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Rush: 40 things you didn't know about the legendary prog rockers
By
Editorial Staff

Published

November 11, 2014

Genre

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By Matthew Parsons

Canada's rockingest band of all time is celebrating the 40th anniversary of their debut album this week with a new box set of live DVDs called R40. In honour of Rush's 40 years of being awesomely uncool, here are 40 things you might not know about them.

1. Alex Lifeson was born “Aleksandar Živojinović” to parents who immigrated from Serbia.

2. Geddy Lee was born “Gary Weinrib” to two Holocaust survivors who immigrated from Poland as refugees.

3. Neil Peart was born “Neil Peart” to parents who owned a farm outside of Hamilton.

4. Of the three current members of the band, Peart is the only one not to have played on every album. The band’s self-titled debut features John Rutsey on drums.

5. Rutsey’s brother came up with the name of the band.

6. Rutsey is not the only “former member of Rush.” Original bassist Jeff Jones was replaced by Geddy Lee after one month in 1968, at which point all of them were teenagers. Jones went on to become a long-standing member of Red Rider.

7. Red Rider’s US album sales have averaged 60,000 to 70,000 copies. It takes 500,000 to be certified gold. To date, Rush has 24 gold albums, 14 platinum, and 3 multi-platinum albums. (This isn’t a value judgement; I’m just saying — teenage Jeff Jones backed the wrong horse.)

8. Despite not being released as a single, “Working Man” became a hit in Cleveland, when radio DJ Donna Halper listened to the record and realized it was the perfect song for the factory town that Cleveland still was in 1974. That was the band’s first significant radio breakthrough.

9. The debut album features the first of three Rush songs to be credited solely to Geddy Lee, “In The Mood.” The others are “Best I Can” and “Tears.”

10. Lee’s solo writing credits exceed Lifeson’s by one. Lifeson receives sole credit on only two songs: “Lessons” and “Hope.” (His mother always wished he was more ambitious.)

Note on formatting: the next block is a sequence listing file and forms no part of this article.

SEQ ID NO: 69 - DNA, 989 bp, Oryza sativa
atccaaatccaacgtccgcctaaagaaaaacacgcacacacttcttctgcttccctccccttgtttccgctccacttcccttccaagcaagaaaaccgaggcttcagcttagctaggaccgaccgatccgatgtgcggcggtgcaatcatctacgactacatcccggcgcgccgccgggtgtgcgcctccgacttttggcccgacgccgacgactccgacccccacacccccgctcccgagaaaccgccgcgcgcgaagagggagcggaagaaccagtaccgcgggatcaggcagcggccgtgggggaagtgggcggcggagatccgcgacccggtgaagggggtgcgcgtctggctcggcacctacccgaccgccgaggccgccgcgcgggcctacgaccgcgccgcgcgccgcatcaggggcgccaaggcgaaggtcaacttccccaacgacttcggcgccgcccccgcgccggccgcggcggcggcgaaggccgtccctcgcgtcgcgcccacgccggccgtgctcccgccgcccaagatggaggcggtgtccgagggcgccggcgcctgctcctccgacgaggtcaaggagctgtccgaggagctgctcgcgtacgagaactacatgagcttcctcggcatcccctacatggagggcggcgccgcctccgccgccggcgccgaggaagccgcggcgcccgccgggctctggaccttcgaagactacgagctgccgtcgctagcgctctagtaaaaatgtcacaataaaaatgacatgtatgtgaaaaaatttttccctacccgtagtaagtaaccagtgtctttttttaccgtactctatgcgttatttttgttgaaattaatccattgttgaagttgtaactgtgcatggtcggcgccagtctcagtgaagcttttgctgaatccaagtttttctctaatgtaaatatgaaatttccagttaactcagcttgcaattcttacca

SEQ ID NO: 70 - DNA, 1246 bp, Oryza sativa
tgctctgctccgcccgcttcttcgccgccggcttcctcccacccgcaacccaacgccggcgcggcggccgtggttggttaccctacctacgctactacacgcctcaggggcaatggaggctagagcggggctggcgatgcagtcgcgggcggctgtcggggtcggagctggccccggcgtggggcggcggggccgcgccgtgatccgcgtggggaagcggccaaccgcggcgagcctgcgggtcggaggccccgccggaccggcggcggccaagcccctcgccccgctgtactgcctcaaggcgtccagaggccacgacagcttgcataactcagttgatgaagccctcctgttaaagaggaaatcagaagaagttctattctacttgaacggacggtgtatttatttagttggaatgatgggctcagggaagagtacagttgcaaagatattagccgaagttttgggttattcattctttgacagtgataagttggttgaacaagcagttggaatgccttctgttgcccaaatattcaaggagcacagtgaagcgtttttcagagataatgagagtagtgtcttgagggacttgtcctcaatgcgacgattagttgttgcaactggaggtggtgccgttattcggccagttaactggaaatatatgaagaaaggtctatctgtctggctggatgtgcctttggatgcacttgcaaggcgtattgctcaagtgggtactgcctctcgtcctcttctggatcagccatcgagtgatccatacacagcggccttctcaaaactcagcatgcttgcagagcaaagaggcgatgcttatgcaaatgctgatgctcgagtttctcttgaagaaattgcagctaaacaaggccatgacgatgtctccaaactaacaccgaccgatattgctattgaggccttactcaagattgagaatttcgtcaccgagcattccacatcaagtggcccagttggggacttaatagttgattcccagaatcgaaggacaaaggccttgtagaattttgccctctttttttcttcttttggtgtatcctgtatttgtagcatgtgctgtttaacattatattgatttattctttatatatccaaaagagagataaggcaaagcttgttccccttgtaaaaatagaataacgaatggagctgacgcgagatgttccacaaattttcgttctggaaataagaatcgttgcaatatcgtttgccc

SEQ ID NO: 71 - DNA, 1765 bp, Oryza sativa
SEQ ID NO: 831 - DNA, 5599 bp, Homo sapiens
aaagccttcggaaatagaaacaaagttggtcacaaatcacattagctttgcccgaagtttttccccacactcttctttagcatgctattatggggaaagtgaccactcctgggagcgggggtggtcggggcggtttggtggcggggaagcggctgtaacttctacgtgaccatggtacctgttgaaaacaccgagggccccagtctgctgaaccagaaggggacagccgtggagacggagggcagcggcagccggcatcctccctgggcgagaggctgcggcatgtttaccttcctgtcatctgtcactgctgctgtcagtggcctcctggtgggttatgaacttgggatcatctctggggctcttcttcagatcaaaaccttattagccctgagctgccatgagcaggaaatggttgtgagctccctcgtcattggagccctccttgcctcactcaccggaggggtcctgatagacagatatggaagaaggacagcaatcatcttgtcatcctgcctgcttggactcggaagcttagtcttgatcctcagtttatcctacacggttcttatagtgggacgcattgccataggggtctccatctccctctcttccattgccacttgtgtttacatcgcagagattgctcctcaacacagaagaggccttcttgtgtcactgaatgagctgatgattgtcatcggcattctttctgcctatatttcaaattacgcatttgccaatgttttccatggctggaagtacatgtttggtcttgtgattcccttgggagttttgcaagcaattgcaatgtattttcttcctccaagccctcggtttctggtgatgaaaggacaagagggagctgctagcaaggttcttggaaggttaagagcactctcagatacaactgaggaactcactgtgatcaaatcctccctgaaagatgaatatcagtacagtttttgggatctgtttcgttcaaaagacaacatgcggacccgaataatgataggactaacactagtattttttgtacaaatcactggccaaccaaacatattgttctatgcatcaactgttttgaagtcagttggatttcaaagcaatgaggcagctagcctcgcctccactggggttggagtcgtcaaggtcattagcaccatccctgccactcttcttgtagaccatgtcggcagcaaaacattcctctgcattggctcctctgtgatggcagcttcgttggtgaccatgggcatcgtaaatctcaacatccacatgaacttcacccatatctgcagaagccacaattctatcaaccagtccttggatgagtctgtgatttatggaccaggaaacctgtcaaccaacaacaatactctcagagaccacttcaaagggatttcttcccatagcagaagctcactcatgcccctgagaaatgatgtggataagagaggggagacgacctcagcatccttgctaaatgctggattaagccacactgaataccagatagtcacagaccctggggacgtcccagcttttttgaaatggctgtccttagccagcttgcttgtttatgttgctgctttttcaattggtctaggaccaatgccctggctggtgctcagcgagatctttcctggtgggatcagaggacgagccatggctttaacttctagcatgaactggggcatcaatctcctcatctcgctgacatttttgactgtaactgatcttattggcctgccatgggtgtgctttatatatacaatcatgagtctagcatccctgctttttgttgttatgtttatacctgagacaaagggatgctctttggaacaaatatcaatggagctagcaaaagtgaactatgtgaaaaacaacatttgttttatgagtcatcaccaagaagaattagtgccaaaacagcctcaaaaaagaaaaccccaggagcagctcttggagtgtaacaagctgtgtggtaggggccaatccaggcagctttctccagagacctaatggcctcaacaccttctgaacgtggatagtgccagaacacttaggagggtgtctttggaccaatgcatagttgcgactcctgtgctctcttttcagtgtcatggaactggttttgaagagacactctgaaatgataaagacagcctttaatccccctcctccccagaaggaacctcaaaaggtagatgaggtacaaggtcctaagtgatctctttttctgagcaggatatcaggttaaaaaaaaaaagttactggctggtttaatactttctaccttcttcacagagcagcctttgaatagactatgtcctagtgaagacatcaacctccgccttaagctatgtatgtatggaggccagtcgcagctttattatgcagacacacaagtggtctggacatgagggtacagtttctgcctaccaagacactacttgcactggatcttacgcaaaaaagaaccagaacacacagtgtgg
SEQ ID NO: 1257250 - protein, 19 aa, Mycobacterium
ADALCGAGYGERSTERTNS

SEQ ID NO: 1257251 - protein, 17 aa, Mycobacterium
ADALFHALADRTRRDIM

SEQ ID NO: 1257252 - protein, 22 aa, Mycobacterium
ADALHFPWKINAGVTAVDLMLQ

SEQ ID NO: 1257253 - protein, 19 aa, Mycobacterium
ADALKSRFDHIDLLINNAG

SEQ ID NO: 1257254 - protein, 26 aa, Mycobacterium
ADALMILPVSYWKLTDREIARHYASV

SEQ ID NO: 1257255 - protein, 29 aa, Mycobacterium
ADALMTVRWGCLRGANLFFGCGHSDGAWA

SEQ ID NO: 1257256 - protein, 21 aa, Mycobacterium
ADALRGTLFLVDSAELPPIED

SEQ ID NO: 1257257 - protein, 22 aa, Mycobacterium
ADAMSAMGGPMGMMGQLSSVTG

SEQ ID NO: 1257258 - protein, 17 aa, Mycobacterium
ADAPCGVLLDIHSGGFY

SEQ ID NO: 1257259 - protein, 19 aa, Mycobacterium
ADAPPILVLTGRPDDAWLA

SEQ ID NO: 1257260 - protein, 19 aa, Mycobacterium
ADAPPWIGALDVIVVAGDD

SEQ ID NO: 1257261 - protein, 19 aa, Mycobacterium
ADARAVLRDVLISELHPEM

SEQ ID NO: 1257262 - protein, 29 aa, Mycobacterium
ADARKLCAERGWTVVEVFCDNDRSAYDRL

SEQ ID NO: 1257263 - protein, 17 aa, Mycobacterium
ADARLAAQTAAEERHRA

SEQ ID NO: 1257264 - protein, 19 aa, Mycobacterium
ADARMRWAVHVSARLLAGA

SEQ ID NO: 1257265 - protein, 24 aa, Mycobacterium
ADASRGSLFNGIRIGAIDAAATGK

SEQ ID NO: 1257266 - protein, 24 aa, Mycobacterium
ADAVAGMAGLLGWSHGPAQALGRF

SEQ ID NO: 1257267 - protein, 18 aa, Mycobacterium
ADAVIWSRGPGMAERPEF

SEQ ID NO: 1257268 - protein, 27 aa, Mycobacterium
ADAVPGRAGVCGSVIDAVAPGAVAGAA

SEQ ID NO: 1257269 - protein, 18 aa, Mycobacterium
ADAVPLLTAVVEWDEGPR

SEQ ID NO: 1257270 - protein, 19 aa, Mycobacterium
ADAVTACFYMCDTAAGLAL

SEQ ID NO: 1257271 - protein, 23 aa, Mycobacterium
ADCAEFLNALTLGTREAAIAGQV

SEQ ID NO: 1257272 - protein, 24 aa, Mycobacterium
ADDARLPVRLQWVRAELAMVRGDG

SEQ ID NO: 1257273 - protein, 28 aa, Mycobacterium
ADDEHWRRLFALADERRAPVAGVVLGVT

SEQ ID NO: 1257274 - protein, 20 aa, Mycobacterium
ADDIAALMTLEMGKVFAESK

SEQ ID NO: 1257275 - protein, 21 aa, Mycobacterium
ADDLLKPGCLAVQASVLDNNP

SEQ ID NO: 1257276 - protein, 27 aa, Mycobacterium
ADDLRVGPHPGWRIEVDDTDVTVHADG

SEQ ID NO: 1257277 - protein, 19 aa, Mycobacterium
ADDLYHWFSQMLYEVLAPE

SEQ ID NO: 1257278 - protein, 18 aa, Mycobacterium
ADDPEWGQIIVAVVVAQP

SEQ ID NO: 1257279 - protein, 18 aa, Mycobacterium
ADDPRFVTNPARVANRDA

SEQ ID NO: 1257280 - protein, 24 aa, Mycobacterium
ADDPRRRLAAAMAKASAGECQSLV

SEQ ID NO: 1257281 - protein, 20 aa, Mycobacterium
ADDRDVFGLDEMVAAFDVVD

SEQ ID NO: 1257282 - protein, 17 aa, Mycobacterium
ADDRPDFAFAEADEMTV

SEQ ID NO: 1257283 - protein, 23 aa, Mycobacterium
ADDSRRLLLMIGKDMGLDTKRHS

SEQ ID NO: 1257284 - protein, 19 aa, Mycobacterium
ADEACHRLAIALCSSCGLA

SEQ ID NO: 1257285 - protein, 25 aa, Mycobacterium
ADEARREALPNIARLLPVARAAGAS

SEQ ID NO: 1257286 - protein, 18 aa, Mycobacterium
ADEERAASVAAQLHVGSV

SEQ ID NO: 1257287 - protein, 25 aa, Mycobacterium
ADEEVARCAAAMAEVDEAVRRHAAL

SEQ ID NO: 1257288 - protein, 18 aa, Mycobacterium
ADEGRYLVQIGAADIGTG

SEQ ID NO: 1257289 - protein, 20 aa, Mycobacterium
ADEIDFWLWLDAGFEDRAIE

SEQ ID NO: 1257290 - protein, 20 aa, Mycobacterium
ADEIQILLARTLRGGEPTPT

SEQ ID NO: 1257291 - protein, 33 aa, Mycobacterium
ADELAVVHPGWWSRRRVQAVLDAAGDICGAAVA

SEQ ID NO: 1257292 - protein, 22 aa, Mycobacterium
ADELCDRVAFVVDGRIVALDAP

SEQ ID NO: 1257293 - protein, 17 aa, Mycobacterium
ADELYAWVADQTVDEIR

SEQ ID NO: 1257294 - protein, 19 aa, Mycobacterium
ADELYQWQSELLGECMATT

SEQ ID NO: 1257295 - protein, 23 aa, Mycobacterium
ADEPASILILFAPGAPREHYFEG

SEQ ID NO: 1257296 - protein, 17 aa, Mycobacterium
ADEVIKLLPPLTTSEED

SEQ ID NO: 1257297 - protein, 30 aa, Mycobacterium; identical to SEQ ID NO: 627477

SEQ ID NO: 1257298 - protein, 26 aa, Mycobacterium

11. Shortly after Peart joined up, the band gave each other the nicknames Dirk (Lee), Lerxst (Lifeson) and Pratt (Peart).

12. “By-Tor and the Snow Dog,” from Fly By Night, was the band’s first song to exceed eight minutes in length. It is also the first of many Rush songs to be explicitly broken down into numbered sections — a prog rock trope developed by bands like ELP and Yes. (See, for example, “Tarkus” and “Close to the Edge.”)

13. On “Snow Dog,” Rush pushed that trope to another level by breaking down one of its numbered sections into even smaller numbered sections. This cemented their prog credentials for years to come.

14. The band privately referred to the tour promoting their third album, Caress of Steel, as the “Down the Tubes” tour, as they were all sure that their career would end, pending the failure of their next studio album (which, in practice, was the massively successful 2112.)

15. By this point, Neil Peart had established himself as one of the most allusive lyricists in rock and roll. Confirmed literary references in Rush lyrics include Ayn Rand’s Anthem (in “Anthem” and “2112”), J.R.R. Tolkien’s The Lord of the Rings (in “Rivendell” and “The Necromancer”), Samuel Taylor Coleridge’s “Kubla Khan” (in “Xanadu”), Cervantes’ Don Quixote (in “Cygnus X1”), Richard Foster’s “A Nice Morning Drive” (in “Red Barchetta”), Shakespeare’s As You Like It (in “Limelight”), Ernest Hemingway’s For Whom the Bell Tolls(in “Losing It”), and John Dos Passos’s The Big Money (in “The Big Money”). Oh yeah, and Mark Twain’s The Adventures of Tom Sawyer in “Closer to the Heart.” (I think that’s right.)

16. Rush’s conceptual piece “Cygnus X-1” is so epic that it straddles two different albums:A Farewell to Kings and Hemispheres.

17. The track “Xanadu” from A Farewell to Kings follows the same musical structure as the later Rush track “The Camera Eye,” from Moving Pictures (instrumental intro — bit with lyrics — instrumental interlude — reprise of the bit with lyrics).

18. Rush is the kind of band whose fans notice that stuff.

19. “La Villa Strangiato,” probably Rush’s proggiest track ever, pushes the ol’ subtitle trope even farther than “By-Tor and the Snow Dog.” Its nine-and-a-half-minute running time is broken down into twelve sections, each with its own roman numeral. Examples include “I. Buenos Nochas, Mein Froinds!” and “VIII. The Waltz of the Shreves.” The track as a whole is given the subtitle “An Exercise in Self-Indulgence.” (I didn’t make that up, lest anybody misunderstand.)